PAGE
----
The Walker in the dark
It's half a night, and Nanna's got a sudden dread
that wakes the house. My husband
would have got his gun another year,
but now he says to shut her up, or he'lL settle her.
Little June has brought some water in a cup,
and Lilah's got the baby, so I soothe her shoulders,
“Hush la, mum, there's nothing in the shadow,
hush la. Father's in his howe.”
But all the while, I hear it. Wind is walking,
rocking steps and cries, around the yard.
There's creaking at the window frames.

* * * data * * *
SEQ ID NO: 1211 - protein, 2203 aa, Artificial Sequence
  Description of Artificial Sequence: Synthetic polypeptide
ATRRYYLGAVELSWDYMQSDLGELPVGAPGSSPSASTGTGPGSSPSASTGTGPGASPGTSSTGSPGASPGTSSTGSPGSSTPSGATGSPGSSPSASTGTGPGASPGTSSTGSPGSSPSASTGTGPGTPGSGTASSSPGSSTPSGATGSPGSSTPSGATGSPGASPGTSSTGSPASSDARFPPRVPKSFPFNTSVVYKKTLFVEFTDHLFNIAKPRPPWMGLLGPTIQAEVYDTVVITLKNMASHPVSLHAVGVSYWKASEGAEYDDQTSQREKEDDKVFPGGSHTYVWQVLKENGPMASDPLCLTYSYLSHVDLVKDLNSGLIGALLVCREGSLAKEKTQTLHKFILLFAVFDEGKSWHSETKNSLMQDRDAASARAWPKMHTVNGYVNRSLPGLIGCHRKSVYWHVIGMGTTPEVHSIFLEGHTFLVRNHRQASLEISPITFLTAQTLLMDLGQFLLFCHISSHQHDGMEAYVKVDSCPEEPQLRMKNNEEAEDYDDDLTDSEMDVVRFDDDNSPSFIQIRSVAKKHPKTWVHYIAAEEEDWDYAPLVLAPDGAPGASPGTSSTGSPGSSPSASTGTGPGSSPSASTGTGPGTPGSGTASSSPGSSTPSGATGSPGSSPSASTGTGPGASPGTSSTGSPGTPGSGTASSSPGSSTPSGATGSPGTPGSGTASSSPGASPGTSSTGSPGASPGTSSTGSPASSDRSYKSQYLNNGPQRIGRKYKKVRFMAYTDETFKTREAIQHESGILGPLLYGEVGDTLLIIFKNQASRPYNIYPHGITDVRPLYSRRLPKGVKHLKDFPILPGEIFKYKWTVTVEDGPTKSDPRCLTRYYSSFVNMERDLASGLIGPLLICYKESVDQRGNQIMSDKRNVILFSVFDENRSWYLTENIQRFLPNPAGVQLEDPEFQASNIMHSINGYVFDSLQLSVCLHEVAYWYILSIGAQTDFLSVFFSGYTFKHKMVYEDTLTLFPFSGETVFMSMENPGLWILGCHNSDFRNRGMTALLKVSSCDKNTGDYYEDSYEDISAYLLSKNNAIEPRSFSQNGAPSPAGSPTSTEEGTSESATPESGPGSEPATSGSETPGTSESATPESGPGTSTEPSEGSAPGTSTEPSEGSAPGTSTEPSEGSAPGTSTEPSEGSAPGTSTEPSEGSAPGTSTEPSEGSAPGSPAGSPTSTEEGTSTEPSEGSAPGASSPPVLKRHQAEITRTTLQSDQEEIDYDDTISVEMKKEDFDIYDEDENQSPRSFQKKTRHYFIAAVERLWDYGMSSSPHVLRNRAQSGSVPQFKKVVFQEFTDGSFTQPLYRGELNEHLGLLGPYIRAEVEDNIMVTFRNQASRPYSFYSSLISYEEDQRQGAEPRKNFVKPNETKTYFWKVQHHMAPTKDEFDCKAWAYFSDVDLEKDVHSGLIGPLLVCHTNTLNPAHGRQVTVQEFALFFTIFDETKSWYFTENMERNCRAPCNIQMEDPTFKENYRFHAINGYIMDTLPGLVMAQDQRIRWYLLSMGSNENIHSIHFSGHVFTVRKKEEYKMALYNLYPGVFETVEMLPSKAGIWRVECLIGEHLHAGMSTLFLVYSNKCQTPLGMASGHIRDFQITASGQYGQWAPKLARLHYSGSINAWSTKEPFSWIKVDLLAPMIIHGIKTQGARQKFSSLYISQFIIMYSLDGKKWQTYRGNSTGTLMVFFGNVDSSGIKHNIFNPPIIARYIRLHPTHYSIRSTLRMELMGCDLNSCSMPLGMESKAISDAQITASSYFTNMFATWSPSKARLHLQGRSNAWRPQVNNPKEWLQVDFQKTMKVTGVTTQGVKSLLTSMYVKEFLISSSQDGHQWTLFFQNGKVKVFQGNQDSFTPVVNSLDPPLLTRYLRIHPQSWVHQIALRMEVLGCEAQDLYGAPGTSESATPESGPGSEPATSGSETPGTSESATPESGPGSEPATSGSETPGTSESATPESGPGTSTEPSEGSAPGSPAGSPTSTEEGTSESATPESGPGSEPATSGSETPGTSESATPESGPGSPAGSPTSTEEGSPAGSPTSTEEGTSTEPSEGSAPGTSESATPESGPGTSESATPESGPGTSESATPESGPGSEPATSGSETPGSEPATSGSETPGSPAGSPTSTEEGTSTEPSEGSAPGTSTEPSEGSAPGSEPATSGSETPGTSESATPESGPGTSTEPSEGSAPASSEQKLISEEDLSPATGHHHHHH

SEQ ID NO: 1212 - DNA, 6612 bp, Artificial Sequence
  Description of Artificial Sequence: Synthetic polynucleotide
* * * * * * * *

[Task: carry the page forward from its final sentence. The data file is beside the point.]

The precious glass is fighting there to keep it out.
'Hush, la,' and lullabies, and children singing to themselves,
are all the spells against the clammy rattle
on the door, and Lilah lights the stove,
mixes water with the oats and just a nib of salt.
Nanna knows too well the walker in the dark. I
take the bowl and place it, children huddled,
on the spitting step, and close the door,
hold them as she held me years before.
They sleep to skip the worst. All is quiet
in the row. Voices, yes. Watch the minutes.
Nanna sees the empty bowl at first light.
Her smiling tooth is easy now.
is a London-born, Oxford-based, poet and performer, with two books published. Folklore, mythology and drama are staples of his writing. Through lockdown, he live-streamed poems almost daily, and these can be found now on youtube.